Saturday, December 20, 2008
hanukkah cartoon parisi
baby got boobs
notable twitter feeds
tips on calling bobcats
naked gay therteen year olds (sic)
where the dear and the antelope play in a part of africa (again, sic)
one puppy three tales
the amazing bouncing rat
Friday, December 19, 2008
How else have things changed? Did everybody read that end-of-publishing article in New York magazine?and this...
LAZAR: I read it and couldn't decide if I should buy up every issue I could get my hands on and throw them off the top of the HarperCollins building, or if I should throw myself off and make it faster. But I talked to Amy Berkower and Al Zuckerman and Robin Rue, who have been in this business for a lot longer than I have, and they all said, "We read that same article every single year."
BARER: People who are not in the business say that to me all the time. "Oh, isn't publishing dying?"
ZUCKERBROT: But the music industry is dead. Of all the media that's really dying or dead, it's music. Books are healthy compared to music. But when people talk about the Kindle and the Sony Reader? Books are pretty much a perfect technology. So all this stuff about how e-books are going to—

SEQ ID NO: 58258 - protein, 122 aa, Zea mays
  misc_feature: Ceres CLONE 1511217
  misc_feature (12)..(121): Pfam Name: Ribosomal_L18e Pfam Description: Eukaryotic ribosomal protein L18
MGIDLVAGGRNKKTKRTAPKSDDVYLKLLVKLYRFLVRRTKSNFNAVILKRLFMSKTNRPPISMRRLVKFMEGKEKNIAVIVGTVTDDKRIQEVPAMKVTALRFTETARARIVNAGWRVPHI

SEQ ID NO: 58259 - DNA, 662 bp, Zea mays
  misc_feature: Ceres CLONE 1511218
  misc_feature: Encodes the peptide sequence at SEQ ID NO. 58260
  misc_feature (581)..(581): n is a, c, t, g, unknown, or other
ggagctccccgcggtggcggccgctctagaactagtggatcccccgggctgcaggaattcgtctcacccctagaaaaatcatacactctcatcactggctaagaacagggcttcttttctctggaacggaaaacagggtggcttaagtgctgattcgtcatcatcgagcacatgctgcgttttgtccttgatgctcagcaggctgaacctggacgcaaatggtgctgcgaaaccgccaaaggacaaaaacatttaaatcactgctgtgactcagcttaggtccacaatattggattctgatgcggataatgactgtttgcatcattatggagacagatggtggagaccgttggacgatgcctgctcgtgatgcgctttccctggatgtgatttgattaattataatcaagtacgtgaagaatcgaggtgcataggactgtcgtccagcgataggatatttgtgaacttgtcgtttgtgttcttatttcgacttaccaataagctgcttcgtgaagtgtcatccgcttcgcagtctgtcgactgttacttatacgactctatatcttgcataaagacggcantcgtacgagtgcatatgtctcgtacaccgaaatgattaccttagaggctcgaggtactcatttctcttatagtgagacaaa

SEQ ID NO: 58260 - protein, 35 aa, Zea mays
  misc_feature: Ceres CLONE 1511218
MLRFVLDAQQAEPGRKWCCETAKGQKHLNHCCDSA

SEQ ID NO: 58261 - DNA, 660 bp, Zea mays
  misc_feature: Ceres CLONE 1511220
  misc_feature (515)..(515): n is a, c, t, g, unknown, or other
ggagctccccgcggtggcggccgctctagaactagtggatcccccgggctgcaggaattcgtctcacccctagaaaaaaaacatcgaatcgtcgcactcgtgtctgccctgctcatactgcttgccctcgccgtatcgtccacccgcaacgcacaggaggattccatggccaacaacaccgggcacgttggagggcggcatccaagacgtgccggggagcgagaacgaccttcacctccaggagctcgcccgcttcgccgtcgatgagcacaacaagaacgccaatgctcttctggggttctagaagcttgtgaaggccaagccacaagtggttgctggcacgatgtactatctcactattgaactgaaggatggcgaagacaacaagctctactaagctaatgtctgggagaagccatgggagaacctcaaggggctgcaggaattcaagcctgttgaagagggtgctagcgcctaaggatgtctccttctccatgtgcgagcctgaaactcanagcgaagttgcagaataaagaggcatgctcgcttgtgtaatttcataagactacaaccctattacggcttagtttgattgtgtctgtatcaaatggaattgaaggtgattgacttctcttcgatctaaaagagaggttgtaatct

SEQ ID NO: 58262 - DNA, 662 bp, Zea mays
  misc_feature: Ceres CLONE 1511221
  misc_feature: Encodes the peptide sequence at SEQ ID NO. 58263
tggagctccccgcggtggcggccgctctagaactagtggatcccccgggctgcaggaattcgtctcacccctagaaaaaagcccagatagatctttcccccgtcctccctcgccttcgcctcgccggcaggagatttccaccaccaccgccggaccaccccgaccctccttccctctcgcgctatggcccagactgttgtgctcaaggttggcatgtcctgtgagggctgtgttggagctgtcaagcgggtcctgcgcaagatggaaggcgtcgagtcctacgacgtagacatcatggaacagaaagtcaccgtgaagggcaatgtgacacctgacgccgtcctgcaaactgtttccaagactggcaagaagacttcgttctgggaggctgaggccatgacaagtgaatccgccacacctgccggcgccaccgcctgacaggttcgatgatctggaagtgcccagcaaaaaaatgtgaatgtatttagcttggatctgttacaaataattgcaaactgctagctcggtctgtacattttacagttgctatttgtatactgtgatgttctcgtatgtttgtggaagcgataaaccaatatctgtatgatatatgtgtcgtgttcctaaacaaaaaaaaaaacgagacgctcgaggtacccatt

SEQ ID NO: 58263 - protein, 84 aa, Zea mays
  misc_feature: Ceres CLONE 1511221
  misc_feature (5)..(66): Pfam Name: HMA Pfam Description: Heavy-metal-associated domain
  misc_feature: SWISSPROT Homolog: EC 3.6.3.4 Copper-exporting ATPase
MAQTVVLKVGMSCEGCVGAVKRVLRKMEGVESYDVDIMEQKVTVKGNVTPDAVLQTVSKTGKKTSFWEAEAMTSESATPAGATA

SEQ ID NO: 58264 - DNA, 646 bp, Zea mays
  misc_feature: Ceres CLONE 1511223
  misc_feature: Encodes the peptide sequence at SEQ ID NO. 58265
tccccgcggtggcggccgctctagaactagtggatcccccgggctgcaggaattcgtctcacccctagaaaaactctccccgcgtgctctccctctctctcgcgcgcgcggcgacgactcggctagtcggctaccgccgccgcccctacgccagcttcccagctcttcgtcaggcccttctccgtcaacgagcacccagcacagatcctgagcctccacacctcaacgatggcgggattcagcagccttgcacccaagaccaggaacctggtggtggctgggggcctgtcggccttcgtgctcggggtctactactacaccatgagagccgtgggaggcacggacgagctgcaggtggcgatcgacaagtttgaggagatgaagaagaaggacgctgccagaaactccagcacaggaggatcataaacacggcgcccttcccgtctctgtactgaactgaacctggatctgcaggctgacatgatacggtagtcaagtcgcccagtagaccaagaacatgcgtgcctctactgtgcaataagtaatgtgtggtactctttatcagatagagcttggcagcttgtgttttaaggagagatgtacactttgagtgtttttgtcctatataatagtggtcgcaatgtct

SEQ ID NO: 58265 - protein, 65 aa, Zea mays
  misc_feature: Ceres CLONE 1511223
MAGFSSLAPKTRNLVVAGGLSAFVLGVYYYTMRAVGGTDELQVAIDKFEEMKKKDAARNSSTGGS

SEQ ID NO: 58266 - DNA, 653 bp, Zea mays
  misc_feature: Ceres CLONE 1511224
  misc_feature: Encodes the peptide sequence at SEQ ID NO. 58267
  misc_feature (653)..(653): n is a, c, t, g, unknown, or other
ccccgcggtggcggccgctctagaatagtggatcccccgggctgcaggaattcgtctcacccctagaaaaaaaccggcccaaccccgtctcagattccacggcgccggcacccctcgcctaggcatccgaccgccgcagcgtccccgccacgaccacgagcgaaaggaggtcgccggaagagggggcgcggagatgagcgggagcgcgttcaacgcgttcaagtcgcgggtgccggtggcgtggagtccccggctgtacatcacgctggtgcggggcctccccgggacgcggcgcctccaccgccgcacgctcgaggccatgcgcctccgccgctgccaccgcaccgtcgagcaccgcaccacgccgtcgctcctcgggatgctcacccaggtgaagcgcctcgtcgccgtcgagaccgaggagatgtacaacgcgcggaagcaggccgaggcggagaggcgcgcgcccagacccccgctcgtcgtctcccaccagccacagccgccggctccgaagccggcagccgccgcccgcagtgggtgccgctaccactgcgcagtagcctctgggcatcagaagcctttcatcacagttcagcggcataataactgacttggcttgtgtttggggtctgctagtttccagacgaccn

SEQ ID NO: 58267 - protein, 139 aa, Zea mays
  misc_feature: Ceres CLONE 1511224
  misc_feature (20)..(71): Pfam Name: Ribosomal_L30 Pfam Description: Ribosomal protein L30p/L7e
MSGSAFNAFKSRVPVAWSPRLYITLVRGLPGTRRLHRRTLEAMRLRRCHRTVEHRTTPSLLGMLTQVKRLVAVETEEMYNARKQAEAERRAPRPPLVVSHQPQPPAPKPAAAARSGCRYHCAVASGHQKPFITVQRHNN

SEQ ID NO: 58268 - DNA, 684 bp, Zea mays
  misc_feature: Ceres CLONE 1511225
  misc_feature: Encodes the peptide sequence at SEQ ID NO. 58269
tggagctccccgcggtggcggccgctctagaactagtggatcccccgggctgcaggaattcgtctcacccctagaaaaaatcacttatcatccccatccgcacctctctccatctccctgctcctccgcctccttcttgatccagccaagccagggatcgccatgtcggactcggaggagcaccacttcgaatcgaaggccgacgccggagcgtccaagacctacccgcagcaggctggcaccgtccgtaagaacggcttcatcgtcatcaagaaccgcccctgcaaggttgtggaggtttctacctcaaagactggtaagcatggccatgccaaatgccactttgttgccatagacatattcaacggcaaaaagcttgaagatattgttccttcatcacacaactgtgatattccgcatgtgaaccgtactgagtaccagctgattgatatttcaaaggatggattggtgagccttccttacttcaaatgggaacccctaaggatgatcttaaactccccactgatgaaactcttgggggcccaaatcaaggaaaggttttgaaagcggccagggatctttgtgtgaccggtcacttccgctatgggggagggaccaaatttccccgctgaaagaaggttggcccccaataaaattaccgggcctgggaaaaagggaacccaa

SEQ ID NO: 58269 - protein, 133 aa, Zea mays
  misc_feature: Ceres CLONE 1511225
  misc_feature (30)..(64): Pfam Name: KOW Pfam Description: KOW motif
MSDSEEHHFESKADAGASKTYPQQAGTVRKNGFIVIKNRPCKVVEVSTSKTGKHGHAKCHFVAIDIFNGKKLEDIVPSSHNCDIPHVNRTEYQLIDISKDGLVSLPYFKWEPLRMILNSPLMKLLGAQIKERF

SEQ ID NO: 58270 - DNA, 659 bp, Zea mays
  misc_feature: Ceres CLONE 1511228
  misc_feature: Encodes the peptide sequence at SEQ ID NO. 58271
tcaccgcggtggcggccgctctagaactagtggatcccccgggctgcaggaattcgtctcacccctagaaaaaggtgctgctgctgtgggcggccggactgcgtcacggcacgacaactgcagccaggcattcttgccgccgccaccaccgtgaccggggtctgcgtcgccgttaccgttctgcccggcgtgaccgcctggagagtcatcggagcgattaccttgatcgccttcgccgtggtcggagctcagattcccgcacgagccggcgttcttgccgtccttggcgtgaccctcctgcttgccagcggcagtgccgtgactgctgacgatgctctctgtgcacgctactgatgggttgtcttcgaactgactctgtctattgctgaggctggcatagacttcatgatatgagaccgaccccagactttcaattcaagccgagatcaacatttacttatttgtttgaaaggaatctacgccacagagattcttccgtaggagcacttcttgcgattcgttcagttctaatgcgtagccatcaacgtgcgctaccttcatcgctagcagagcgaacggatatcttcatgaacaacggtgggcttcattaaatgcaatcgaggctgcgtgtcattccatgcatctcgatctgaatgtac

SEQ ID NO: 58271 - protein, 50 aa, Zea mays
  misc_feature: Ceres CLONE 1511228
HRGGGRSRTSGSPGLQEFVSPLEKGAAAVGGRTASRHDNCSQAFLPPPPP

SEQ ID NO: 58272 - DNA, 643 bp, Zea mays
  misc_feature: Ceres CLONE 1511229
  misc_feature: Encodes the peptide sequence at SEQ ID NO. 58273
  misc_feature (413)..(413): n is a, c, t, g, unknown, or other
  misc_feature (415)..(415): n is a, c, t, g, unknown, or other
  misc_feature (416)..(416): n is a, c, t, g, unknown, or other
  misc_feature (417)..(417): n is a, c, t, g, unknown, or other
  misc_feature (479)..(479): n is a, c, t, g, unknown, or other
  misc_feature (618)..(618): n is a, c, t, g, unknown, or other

KLEINMAN: You freak! What are you talking about? These things [grabs a book] are Paleolithic!
ZUCKERBROT: It's portable. It lasts. If you want to read something, what's broken about it?
KLEINMAN: I don't want to read it there. I can't search that. It's heavy.
ZUCKERBROT: Are you serious?
KLEINMAN: I'm totally serious.
LAZAR: I agree with you, but I don't think the Kindle is the answer. It's going to be something that's not here yet.
ZUCKERBROT: Maybe in fifteen or twenty years.
LAZAR: But whatever the iPod of books is going to be, it's going to come sooner than we think. It's going to change things.
ZUCKERBROT: But does that change the fact that people don't read the way they go to the movies or the way they buy music? That's the question.
KLEINMAN: No, the point is that you simply have to make the device and the medium more interesting to people who do listen to music and go to the movies.